Judge declares mistrial in Sen. Bob Menendez corruption case
A federal district court judge in New Jersey declared a mistrial Thursday in the corruption case against Sen. Bob Menendez (D-N.J.).
Jurors told Judge William Walls on Thursday they were deadlocked.
Menendez’s lawyer, Abbe Lowell, formally requested a mistrial. Walls encouraged the jury to try and find a consensus before he declared the mistrial.
Menendez is accused of accepting millions of dollars worth of bribes from ophthalmologist Salomon Melgen, including trips on his private jet and upscale vacations.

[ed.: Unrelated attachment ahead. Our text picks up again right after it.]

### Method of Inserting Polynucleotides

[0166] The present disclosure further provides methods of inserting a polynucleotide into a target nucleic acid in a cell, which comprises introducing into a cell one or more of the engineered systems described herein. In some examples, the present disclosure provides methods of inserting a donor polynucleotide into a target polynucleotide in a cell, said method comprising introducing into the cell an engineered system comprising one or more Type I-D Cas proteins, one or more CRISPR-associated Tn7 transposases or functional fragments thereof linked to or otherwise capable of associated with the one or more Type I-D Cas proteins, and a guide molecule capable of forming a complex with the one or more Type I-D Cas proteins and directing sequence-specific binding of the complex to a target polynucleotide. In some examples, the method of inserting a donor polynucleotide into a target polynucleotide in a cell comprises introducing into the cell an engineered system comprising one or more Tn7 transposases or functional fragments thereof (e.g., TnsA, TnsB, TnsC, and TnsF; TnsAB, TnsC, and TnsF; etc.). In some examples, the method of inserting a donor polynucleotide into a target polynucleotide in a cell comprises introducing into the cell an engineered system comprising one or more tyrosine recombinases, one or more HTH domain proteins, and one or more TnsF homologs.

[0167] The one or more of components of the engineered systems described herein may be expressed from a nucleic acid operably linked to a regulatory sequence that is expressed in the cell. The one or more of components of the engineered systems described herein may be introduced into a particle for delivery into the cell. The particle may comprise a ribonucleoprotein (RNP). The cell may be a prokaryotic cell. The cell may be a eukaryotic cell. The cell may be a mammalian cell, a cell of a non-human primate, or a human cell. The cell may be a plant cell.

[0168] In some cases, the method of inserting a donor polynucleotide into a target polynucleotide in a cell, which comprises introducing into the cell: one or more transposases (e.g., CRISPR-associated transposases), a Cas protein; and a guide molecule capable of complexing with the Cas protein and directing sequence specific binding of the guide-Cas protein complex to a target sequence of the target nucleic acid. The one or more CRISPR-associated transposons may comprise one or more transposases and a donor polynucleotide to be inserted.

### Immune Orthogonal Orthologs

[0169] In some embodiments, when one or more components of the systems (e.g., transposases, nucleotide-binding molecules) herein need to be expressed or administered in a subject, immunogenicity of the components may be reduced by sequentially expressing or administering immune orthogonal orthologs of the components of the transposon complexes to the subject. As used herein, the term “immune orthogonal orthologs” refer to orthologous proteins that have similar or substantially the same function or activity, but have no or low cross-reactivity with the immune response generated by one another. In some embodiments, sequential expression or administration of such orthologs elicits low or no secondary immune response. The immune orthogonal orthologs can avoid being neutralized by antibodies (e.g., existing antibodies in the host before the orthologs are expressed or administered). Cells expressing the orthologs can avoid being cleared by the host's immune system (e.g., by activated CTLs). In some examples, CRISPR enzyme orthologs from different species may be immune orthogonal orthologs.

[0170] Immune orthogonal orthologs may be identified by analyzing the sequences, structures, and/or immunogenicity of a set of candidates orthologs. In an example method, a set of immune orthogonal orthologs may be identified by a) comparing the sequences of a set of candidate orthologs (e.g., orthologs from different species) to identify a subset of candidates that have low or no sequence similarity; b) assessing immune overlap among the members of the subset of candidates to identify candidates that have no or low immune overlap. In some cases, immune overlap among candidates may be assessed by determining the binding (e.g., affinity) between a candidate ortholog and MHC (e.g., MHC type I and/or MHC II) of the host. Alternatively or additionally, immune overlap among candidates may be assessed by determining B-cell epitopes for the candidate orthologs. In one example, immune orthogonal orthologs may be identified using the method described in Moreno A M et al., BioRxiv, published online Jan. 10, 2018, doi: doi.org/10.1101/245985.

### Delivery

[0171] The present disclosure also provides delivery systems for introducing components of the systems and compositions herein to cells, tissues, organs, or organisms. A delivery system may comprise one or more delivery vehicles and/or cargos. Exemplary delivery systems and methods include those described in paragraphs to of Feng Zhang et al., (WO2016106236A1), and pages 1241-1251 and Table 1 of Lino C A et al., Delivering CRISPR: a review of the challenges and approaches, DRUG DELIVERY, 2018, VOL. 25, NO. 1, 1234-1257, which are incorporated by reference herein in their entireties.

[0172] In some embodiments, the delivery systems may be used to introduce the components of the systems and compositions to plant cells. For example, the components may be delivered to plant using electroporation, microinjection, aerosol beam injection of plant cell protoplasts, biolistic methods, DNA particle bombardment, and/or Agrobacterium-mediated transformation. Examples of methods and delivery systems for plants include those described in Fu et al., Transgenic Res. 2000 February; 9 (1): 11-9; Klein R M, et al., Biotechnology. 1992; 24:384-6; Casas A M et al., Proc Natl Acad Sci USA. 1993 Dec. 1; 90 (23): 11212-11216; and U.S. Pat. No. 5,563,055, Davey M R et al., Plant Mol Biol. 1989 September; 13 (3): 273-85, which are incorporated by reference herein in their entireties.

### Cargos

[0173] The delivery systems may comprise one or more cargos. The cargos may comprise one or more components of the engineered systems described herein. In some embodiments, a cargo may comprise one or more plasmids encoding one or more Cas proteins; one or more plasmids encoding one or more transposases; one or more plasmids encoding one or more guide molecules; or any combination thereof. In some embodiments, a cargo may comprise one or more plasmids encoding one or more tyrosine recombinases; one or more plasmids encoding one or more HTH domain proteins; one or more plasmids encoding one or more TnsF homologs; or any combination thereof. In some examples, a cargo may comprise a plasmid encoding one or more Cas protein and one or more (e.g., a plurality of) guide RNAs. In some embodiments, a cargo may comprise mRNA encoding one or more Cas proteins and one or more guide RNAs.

In exchange, Menendez is alleged to have used his influence in the Senate to affect the outcome of Medicare billing disputes worth tens of millions of dollars to Melgren, and to have helped obtain travel visas for several of Melgren’s girlfriends.
The implications of Menendez’s trial extend far beyond the Garden State. If a guilty verdict had been returned, and Menendez forced out of office, then outgoing Republican Gov. Chris Christie would have been able to appoint his replacement.
Because a mistrial has been declared, Menendez will likely stay in the Senate long enough for the state’s newly elected Democratic governor, Phil Murphy, to take office. Murphy would then assume the power to appoint a temporary replacement should Menendez choose to step down after that.